“The distressing evidence emerging from China and Japan clearly shows the global burden of atrial fibrillation and cancer associated thrombosis has no borders, and the need for more advanced therapies that can better address these mounting unmet needs is urgent,” said Nik Mehta, Ph.D., Chief Technical and Regulatory Officer, Anthos Therapeutics. “The clinical trial approvals in China and Japan, add to the positive responses we’ve received from regulatory agencies around the world, including other countries in the Asia Pacific Region, such as Taiwan, South Korea, and Australia, where they are already enrolling patients in innovative clinical trials studying abelacimab.”

“The vision of Anthos Therapeutics is to bring life-preserving therapies to disease areas underserved by current therapies. We strongly believe that our Factor XI/XIa program with abelacimab may do just that for a significant amount of atrial fibrillation patients deemed unsuitable for anticoagulants, as well as for cancer patients who present with an acute thrombotic event,” added Dan Bloomfield, Chief Medical Officer, Anthos Therapeutics. “It is highly encouraging to see that Factor XI inhibitors, as a class, have shown the potential to uncouple hemostasis from thrombosis. This represents a major paradigm shift in how patients could be treated in the future.”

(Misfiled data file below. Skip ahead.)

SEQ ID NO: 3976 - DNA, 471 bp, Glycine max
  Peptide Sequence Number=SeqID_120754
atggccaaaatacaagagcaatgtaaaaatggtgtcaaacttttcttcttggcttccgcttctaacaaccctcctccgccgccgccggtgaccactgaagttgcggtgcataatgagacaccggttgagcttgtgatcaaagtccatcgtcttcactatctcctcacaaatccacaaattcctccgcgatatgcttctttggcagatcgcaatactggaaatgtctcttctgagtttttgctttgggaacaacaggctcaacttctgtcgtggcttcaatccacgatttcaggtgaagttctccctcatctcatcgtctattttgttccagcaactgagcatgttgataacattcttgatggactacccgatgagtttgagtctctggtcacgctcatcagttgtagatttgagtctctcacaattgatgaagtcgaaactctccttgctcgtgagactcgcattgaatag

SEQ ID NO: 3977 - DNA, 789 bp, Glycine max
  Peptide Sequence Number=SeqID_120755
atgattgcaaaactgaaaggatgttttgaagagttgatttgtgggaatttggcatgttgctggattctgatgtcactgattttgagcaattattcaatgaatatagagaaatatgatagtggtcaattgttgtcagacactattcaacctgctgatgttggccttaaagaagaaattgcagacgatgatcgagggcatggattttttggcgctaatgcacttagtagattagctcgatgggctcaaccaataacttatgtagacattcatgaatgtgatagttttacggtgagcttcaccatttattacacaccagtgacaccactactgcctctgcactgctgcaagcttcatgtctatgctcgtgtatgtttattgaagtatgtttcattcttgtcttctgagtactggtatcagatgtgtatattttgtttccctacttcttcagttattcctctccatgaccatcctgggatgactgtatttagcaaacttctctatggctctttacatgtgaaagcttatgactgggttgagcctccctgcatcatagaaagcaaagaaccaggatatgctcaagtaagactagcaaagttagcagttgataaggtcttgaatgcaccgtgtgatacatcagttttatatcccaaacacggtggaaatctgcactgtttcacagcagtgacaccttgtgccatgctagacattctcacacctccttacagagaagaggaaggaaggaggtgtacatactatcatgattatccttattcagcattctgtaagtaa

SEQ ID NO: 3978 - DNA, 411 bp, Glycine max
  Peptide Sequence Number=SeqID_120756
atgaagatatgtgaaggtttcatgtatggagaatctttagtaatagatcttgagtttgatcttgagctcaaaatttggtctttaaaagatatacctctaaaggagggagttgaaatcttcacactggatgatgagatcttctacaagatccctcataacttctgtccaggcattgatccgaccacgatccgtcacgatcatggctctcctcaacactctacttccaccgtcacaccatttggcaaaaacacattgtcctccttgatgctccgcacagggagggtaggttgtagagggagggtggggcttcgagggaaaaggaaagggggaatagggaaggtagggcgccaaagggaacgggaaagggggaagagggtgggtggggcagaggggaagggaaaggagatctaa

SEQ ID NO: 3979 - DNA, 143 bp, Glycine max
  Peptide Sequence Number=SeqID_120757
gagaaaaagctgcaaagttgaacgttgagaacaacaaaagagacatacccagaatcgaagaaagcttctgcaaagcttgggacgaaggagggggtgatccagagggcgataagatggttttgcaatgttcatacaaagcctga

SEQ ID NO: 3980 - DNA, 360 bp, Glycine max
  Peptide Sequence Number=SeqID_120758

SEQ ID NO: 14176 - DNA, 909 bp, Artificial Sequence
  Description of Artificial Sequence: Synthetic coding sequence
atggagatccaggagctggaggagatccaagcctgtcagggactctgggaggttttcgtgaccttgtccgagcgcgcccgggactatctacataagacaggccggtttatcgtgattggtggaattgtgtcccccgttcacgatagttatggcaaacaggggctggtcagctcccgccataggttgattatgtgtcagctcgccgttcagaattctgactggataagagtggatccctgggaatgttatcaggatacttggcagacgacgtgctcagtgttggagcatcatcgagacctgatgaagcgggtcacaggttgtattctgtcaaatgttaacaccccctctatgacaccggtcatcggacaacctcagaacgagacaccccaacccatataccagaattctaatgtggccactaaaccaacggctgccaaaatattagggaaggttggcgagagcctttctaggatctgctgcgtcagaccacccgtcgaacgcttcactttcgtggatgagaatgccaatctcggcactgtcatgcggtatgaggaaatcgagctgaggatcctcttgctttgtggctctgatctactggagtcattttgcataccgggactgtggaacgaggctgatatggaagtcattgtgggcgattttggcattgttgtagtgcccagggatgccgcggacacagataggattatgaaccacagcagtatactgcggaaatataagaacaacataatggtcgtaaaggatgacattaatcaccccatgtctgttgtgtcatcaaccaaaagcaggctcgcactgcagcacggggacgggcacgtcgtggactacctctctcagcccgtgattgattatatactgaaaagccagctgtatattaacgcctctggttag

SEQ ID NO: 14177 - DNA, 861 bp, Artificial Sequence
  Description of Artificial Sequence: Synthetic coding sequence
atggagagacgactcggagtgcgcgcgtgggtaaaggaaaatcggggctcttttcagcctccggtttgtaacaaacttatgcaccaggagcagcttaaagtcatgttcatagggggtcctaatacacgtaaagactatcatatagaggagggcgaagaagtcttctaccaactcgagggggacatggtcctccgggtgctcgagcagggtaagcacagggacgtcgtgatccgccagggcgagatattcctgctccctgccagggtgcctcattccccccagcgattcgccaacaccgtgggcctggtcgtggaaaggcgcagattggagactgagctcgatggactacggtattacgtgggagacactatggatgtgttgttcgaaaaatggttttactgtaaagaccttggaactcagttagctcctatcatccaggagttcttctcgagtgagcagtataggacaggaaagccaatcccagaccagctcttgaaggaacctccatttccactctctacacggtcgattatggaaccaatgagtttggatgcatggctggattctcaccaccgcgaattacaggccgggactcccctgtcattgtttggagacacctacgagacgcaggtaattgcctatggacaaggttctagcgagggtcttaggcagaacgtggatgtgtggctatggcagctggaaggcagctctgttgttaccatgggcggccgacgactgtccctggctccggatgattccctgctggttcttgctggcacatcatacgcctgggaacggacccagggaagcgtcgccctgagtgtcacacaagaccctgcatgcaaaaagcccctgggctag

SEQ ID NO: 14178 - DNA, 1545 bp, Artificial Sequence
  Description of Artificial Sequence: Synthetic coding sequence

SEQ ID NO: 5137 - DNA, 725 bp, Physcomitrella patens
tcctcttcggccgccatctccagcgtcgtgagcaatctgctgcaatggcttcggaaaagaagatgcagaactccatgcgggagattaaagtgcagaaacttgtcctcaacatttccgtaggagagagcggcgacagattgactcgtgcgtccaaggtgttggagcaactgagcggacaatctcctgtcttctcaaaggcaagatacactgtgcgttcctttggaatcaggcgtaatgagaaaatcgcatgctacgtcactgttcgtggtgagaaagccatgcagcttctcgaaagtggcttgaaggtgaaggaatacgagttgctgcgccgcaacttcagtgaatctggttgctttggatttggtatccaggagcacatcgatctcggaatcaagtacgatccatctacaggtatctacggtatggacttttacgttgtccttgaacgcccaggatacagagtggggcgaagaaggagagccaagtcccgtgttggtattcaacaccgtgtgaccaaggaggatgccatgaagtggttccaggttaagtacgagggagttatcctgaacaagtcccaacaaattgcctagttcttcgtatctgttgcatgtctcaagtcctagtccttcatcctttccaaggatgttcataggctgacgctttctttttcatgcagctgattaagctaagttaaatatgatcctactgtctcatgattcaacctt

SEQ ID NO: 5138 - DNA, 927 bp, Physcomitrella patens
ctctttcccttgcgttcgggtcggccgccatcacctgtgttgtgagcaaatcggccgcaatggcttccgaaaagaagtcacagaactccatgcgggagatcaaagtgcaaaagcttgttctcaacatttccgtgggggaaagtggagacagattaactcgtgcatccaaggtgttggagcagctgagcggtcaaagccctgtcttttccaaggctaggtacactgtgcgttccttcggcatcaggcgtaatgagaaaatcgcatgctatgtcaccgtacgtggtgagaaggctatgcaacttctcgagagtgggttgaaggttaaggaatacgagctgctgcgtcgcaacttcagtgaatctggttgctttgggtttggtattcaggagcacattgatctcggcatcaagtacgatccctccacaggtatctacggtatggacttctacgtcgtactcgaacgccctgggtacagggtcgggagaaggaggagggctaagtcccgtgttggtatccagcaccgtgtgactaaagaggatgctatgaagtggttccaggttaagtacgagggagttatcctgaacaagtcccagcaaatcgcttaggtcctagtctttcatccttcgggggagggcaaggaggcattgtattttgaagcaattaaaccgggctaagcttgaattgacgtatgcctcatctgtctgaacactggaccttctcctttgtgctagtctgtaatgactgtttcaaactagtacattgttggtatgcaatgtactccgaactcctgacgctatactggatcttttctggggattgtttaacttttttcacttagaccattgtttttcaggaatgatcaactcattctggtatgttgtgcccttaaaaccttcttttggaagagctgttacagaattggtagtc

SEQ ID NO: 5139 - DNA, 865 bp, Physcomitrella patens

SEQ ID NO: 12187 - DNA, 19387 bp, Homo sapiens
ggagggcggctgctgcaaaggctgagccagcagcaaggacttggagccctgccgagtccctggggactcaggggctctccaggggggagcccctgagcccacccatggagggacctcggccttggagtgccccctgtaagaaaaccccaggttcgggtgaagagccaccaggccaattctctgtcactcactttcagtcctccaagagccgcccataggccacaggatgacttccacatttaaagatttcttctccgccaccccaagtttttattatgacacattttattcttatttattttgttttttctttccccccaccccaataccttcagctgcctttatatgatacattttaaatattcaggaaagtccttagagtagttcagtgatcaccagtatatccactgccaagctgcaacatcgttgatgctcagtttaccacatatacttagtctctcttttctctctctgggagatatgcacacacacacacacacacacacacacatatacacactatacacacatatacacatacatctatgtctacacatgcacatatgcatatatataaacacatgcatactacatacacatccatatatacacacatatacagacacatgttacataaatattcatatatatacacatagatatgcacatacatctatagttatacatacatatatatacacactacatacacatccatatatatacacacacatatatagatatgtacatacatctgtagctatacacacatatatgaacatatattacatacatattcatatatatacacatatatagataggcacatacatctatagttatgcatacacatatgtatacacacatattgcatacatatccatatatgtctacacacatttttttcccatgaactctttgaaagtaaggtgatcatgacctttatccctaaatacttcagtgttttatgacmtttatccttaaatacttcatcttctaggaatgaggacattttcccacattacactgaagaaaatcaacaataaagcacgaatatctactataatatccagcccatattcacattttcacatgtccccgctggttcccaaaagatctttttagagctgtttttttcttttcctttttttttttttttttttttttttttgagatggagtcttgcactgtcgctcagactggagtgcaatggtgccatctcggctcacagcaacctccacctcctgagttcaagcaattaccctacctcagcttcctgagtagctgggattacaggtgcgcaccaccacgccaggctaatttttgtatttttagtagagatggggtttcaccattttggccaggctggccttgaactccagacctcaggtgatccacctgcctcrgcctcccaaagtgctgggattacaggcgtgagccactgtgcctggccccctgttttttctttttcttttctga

In the U.S., abelacimab received its first Fast Track Designation from the FDA in July 2022 for the treatment of thrombosis associated with cancer. In September 2022, abelacimab was granted a second Fast Track Designation for the prevention of stroke and systemic embolism in patients with atrial fibrillation. Abelacimab is an investigational agent that has not been approved for any indication in any country.

About the LILAC-TIMI 76 Phase 3 Trial
The LILAC-TIMI 76 trial is an event-driven, randomized, placebo-controlled, double-blind, parallel-group study to evaluate the efficacy and safety of abelacimab relative to placebo on the rate of ischemic stroke or systemic embolism in patients with atrial fibrillation (AF) who have been deemed to be unsuitable for currently available anticoagulation therapy. Patients in the study will be randomized to receive abelacimab 150 mg SC or matching placebo once monthly. The study is targeting to enroll approximately 1900 patients from more than 300 sites in North America, Europe, Latin America, and Asia. Abelacimab received FDA Fast-Track designation for the prevention of stroke and systemic embolism in patients with atrial fibrillation in September 2022.